“This is an area that has long been planned to evolve into a downtown vibrant hub,” Andrew Painter, an attorney representing the developer, said at a Sept. 27 Falls Church City Council meeting.

As part of the project, the company plans to demolish and replace a rear two-story parking garage with a building that’s nine or 10 stories tall, add a park on a vacant corner lot at South Maple Avenue and West Annandale Road, and create a pedestrian-friendly street — a Dutch-inspired woonerf — with a 30-foot by 40-foot exterior screen.

“The Digital Screen may be used to display art, landscapes, movies and theatrical presentations for ‘screen on the green’ events, coverage of live City events and performances (e.g., Watch Night performances, Memorial Day parade, etc.), promotion of the project’s retailers and City services, and related programming,” a voluntary concessions document from June 23 says.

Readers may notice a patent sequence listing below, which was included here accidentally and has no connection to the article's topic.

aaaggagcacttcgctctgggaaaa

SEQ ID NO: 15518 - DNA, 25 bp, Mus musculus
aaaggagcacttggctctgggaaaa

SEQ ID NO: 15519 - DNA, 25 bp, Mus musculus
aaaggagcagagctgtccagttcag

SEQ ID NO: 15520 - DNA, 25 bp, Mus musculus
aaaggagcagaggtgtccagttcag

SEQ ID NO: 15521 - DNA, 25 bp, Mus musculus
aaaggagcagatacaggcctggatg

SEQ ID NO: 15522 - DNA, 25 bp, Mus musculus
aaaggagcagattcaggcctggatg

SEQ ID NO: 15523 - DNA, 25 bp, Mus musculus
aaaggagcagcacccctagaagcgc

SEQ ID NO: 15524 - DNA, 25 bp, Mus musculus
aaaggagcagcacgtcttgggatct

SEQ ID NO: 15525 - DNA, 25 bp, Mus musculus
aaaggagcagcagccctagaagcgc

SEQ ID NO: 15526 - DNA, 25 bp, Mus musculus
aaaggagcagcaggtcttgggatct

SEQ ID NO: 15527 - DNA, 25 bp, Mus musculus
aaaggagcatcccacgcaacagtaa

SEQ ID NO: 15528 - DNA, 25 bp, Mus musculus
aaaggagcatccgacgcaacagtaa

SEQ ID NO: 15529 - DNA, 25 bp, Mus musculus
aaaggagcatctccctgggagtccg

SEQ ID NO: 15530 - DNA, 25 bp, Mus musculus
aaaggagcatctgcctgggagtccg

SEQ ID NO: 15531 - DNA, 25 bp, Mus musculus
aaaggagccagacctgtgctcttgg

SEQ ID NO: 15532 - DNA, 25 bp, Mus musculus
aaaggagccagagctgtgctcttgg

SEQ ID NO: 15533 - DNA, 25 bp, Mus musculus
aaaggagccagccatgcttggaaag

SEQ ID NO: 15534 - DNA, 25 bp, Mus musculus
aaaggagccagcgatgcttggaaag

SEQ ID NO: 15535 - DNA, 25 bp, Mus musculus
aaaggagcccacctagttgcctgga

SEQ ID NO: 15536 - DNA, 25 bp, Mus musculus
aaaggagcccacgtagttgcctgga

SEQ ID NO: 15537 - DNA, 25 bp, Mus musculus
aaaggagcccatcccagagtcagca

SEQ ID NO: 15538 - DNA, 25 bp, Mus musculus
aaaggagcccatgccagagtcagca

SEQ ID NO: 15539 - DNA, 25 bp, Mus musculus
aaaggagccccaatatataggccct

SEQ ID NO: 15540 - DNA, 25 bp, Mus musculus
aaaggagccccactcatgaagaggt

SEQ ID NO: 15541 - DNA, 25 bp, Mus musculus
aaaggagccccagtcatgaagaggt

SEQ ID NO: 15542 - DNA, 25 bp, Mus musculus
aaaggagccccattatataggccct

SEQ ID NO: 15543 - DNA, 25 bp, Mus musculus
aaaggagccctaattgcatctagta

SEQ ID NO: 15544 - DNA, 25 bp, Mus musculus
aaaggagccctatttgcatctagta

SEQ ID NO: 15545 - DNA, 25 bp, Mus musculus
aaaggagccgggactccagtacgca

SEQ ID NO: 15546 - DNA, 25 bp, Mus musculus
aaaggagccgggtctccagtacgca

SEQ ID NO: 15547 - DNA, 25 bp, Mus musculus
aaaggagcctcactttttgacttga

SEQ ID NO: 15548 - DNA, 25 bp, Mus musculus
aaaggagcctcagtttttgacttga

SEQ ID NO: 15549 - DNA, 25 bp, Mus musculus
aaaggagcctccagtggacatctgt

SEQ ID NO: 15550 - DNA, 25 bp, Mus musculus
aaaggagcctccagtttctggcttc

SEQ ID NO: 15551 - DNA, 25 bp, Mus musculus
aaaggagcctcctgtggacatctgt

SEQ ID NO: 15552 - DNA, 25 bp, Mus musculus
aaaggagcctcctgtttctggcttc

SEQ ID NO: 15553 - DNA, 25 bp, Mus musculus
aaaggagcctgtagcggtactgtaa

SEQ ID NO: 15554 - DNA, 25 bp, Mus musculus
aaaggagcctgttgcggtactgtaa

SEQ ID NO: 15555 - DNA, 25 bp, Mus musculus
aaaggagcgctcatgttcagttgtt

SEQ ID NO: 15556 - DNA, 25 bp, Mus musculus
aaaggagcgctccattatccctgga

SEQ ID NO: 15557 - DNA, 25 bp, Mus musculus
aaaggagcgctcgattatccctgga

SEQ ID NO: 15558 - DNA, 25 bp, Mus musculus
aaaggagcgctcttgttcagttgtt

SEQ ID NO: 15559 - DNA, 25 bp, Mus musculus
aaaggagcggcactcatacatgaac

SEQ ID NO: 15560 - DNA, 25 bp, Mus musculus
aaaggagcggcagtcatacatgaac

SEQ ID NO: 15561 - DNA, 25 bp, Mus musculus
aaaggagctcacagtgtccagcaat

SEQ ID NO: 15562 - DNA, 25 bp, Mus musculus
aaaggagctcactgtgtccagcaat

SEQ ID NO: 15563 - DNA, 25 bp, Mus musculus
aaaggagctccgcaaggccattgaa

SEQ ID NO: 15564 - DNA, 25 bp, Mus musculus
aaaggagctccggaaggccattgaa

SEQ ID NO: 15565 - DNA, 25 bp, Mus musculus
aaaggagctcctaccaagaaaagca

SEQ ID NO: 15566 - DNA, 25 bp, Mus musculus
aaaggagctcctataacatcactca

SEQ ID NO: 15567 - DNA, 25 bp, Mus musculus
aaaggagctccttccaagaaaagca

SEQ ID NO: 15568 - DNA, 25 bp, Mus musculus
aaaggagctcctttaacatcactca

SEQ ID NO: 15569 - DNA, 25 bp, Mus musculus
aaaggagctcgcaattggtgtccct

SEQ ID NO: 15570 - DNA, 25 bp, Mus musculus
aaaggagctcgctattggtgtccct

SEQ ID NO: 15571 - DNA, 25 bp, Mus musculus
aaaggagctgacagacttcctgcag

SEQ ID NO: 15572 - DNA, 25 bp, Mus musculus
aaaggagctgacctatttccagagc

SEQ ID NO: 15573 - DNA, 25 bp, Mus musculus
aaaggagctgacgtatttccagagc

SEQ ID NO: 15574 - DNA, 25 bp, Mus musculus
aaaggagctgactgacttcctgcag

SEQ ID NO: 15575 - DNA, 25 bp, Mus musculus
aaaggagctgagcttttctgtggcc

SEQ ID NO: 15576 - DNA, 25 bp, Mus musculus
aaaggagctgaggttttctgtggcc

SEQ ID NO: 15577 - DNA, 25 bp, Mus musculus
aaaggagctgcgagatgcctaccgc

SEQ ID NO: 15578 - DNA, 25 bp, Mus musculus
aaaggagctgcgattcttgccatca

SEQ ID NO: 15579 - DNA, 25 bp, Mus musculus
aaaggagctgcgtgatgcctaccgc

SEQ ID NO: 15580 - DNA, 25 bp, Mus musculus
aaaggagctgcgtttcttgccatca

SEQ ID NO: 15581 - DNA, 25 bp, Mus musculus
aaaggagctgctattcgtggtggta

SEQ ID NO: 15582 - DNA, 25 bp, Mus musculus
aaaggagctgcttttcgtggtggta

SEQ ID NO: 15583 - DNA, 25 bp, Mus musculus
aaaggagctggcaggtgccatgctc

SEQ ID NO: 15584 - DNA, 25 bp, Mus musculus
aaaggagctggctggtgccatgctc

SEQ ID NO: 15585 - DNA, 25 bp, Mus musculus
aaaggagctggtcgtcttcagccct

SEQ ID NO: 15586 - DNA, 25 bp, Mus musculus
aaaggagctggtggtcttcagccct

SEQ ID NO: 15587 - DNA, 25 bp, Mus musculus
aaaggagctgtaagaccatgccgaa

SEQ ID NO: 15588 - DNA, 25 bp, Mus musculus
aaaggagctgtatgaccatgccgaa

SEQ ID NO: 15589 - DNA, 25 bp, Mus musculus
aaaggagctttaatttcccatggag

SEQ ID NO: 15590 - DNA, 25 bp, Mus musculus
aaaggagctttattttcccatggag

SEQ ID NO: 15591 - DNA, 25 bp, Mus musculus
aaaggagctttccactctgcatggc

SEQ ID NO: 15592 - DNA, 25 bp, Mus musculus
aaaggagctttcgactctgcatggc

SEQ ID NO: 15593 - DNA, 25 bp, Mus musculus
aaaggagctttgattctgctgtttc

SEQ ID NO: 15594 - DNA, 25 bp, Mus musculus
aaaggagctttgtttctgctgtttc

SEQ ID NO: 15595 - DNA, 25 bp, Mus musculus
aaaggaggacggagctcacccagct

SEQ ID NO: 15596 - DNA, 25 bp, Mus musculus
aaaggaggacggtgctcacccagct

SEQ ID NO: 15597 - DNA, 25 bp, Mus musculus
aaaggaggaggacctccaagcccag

Other buildings to be demolished include the former BB&T Bank and a tailor business building, where a temporary parking lot would be created during construction.

Atlantic Realty unveiled an initial proposal for the project on Feb. 11 and submitted a second version on June 23. The company is working with Falls Church officials as it seeks to get approval from the city council, possibly on Feb. 28 next year.

An agreement calls for designating 6% of the units — up to 15 units — as affordable. Painter said the developer is working with the city to determine what that would entail.